- NEW EU SANCTIONS AGAINST RUSSIA LEAVE RUSSIA NO OTHER CHOICE BUT TO GO FOR CERTAIN COUNTER-MEASURES - RUSSIA'S PERMANENT REP TO THE EU CHIZHOV
And the punchline from the foreign ministry statement: "Finally, give people a chance for peace." So Obama channels Dubya and Putin channels John Lennon. The New Normal sure is strange.
US 5Y Treasury yields are approaching a key level, but as BofAML's Macneil Curry warns, the MOVE Index (the Treasury market equivalent of equity's VIX) is more important to focus on... as a turn higher in US Fixed Income Vol could lead to a pretty nasty snapback in the carry trade.
"This is the worst possible time for Britain to consider leaving the EU – or for Scotland to break with Britain. The EU is an unfinished project of European states that have sacrificed part of their sovereignty to form an ever-closer union based on shared values and ideals. Those shared values are under attack on multiple fronts. Russia’s undeclared war against Ukraine is perhaps the most immediate example but it is by no means the only one. Resurgent nationalism and illiberal democracy are on the rise within Europe, at its borders and around the globe."
Here’s the giant flaw in Obama’s incendiary strategy. The Peshmerga can be counted upon to ferociously defend Kurdistan against ISIS encroachment, and the Shiite militias will doubtless accomplish the same in their own territories. But no one with a modicum of historical knowledge would think it sane to send them up into the Sunni lands of the Euphrates valley to mop-up after the American bombs, missiles and drones. In short, once Washington is in full bombs away mode there will be no Free Syrian Army or reconstituted Iraqi army to finish the job. So what Obama actually launched last evening was Operation Blowback - Washington's stupidest military campaign yet.
If yesterday's tailing 10 Year auction left people concerned that today's final for the week 30 Year bond issuance would be weak, then the results put that promptly to rest, after the $13 billion reopening of Cusip RH3 priced at 3.24%, pricing 2.3 bps through the 3.263% When Issued. Furthermore, the Bid to Cover if 2.67 was above the August 2.60, well above the TTM average of 2.40, and the second highest of 2014, second only to June's 2.69. The internals were very solid as well, with Directs taking down 21.8%, above the 16.8% average, Indirects holding 45.5%, in line with last month and above the TTM average of 43.4%, and Dealers left with 32.8% of the paper which they can quickly flip back to the Fed for the next 6 or so weeks until QE ends (before it has to resume once again of course).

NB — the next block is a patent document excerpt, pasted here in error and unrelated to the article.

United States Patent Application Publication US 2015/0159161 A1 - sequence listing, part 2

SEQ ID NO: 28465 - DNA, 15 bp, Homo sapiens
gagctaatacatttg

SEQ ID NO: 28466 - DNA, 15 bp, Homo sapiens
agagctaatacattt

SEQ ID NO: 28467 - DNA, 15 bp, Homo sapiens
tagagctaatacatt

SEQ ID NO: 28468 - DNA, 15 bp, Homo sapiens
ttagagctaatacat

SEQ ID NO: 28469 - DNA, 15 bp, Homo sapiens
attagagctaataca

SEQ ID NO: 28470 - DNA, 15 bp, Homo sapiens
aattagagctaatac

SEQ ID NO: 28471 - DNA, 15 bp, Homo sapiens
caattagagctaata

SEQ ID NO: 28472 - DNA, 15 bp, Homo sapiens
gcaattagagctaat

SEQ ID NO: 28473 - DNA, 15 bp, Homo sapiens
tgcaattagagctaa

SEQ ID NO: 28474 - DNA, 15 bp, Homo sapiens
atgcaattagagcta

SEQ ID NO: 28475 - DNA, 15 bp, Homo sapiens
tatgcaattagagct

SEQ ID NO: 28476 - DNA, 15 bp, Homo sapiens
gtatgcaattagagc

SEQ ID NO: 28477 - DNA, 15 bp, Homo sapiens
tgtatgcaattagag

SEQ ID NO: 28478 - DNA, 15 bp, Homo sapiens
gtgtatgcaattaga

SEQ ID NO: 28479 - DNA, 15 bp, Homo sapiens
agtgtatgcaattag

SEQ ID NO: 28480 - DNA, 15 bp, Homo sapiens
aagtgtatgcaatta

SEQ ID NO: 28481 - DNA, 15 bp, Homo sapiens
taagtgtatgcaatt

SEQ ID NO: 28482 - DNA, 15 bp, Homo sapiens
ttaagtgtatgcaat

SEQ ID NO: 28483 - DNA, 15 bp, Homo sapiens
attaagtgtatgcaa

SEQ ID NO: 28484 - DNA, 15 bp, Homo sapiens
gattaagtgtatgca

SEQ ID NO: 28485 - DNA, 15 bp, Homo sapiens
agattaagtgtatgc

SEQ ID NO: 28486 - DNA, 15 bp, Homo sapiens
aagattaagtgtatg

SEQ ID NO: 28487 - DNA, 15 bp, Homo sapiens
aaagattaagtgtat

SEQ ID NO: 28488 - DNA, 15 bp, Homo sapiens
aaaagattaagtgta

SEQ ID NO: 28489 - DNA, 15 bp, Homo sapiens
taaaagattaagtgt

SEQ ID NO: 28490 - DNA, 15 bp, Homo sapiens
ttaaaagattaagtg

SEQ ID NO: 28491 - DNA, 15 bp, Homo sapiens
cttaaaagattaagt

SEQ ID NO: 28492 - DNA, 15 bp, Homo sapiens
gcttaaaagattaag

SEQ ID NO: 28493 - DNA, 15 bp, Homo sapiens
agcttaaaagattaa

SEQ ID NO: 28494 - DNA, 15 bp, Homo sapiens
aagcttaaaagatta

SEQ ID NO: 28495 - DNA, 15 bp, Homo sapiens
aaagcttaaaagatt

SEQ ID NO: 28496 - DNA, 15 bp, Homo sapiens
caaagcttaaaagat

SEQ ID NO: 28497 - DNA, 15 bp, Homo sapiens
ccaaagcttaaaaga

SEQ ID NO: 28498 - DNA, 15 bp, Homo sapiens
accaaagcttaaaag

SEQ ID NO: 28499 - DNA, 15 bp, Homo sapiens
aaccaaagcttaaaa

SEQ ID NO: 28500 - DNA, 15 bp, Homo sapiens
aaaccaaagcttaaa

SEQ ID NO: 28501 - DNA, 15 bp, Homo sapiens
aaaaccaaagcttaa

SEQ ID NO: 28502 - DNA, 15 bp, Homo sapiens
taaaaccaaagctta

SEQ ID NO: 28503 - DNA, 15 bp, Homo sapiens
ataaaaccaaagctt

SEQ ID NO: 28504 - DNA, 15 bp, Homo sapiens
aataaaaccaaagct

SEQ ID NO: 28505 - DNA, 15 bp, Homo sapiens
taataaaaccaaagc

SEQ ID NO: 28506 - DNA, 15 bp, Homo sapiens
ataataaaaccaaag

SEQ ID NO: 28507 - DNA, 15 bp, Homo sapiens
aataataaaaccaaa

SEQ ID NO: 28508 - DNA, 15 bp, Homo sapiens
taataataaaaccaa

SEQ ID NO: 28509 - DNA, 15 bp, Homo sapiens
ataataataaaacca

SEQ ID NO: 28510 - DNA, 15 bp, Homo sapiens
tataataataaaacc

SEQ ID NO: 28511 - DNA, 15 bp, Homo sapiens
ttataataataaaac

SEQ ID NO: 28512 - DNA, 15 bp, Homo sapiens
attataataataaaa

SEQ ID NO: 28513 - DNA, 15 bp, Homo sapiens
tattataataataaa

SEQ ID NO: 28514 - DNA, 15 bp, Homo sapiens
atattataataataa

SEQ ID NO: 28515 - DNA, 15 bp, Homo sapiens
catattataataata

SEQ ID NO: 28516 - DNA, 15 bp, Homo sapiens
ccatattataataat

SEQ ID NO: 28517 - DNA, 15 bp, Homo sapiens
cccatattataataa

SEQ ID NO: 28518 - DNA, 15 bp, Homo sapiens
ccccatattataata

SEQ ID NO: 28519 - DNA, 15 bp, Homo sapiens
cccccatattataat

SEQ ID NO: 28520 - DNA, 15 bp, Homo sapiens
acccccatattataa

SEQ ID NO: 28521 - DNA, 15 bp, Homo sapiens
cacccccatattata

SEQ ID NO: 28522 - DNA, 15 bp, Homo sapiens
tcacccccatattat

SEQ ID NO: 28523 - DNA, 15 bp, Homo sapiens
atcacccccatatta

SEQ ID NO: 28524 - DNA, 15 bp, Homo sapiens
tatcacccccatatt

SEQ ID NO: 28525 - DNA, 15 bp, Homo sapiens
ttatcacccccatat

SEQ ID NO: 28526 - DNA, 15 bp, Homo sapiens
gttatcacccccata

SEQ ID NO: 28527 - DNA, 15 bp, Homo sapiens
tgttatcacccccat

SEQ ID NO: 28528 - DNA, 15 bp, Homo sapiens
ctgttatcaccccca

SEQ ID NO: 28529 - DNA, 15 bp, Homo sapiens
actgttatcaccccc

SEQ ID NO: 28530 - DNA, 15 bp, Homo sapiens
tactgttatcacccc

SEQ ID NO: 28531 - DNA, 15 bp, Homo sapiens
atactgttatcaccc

Here is the quote that perfectly captures our era: "People of privilege will always risk their complete destruction rather than surrender any material part of their advantage." (John Kenneth Galbraith) The trick, of course, is to mask the unspoken second half of of that statement: everybody else gets destroyed along with the Elites when the system implodes.
Well that didn't take long. After espousing his strategy last night of leading a broad coalition against ISIS, it appears President Obama's "allies" are backing away from the plan. As The WSJ reports, Germany and the U.K. on Thursday ruled out carrying out air strikes on Islamic State militants in Syria. It appears the Europeans, realizing the ire that these actions will likely cause to Putin, are stepping back - "We haven't been asked, nor will we do it," German Foreign Minister Frank-Walter Steinmeier told reporters and his U.K. counterpart Philip Hammond explicitly ruled out air strikes in Syria, after the U.K. parliament struck down such a move last year. So that leaves the French?
One quick look at the map of the UK shows the biggest impact a loss of Scotland would have on the Divided Kingdom (f/k/a UK) of England, Wales and Northern Ireland, should the "Yes" vote in the Scottish referendum garner a majority in one week. But how else would a Scottish departure impact the UK? Here are the answers...